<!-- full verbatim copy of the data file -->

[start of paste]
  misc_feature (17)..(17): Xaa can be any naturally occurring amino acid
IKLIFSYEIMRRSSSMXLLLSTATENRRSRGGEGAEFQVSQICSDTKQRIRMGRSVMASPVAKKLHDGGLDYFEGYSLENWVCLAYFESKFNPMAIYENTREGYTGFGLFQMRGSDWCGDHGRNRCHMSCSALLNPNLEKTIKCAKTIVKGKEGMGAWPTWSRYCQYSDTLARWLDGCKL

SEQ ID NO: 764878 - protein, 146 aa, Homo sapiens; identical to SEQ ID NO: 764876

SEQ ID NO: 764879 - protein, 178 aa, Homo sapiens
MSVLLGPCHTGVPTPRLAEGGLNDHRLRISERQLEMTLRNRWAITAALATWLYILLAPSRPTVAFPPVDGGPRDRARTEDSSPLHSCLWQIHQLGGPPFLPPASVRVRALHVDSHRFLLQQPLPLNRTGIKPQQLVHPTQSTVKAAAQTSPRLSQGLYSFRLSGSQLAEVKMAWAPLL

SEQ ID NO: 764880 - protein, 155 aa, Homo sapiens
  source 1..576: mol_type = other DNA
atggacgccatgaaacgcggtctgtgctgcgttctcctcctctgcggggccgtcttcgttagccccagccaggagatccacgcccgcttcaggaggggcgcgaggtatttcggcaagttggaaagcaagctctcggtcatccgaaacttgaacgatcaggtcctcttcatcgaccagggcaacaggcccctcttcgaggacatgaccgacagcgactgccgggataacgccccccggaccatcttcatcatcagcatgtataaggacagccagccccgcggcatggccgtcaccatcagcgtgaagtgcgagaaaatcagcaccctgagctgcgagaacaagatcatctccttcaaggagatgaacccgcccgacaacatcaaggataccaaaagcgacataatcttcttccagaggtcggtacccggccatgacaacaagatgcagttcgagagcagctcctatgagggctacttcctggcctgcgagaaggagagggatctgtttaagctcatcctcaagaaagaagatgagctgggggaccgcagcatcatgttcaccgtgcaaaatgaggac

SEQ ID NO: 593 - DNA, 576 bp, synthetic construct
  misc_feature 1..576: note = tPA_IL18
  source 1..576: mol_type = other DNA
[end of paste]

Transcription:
  misc_feature (17)..(17): Xaa can be any naturally occurring amino acid
IKLIFSYEIMRRSSSMXLLLSTATENRRSRGGEGAEFQVSQICSDTKQRIRMGRSVMASPVAKKLHDGGLDYFEGYSLENWVCLAYFESKFNPMAIYENTREGYTGFGLFQMRGSDWCGDHGRNRCHMSCSALLNPNLEKTIKCAKTIVKGKEGMGAWPTWSRYCQYSDTLARWLDGCKL

SEQ ID NO: 764878 - protein, 146 aa, Homo sapiens; identical to SEQ ID NO: 764876

SEQ ID NO: 764879 - protein, 178 aa, Homo sapiens
MSVLLGPCHTGVPTPRLAEGGLNDHRLRISERQLEMTLRNRWAITAALATWLYILLAPSRPTVAFPPVDGGPRDRARTEDSSPLHSCLWQIHQLGGPPFLPPASVRVRALHVDSHRFLLQQPLPLNRTGIKPQQLVHPTQSTVKAAAQTSPRLSQGLYSFRLSGSQLAEVKMAWAPLL

SEQ ID NO: 764880 - protein, 155 aa, Homo sapiens
  source 1..576: mol_type = other DNA
atggacgccatgaaacgcggtctgtgctgcgttctcctcctctgcggggccgtcttcgttagccccagccaggagatccacgcccgcttcaggaggggcgcgaggtatttcggcaagttggaaagcaagctctcggtcatccgaaacttgaacgatcaggtcctcttcatcgaccagggcaacaggcccctcttcgaggacatgaccgacagcgactgccgggataacgccccccggaccatcttcatcatcagcatgtataaggacagccagccccgcggcatggccgtcaccatcagcgtgaagtgcgagaaaatcagcaccctgagctgcgagaacaagatcatctccttcaaggagatgaacccgcccgacaacatcaaggataccaaaagcgacataatcttcttccagaggtcggtacccggccatgacaacaagatgcagttcgagagcagctcctatgagggctacttcctggcctgcgagaaggagagggatctgtttaagctcatcctcaagaaagaagatgagctgggggaccgcagcatcatgttcaccgtgcaaaatgaggac

SEQ ID NO: 593 - DNA, 576 bp, synthetic construct
  misc_feature 1..576: note = tPA_IL18
  source 1..576: mol_type = other DNA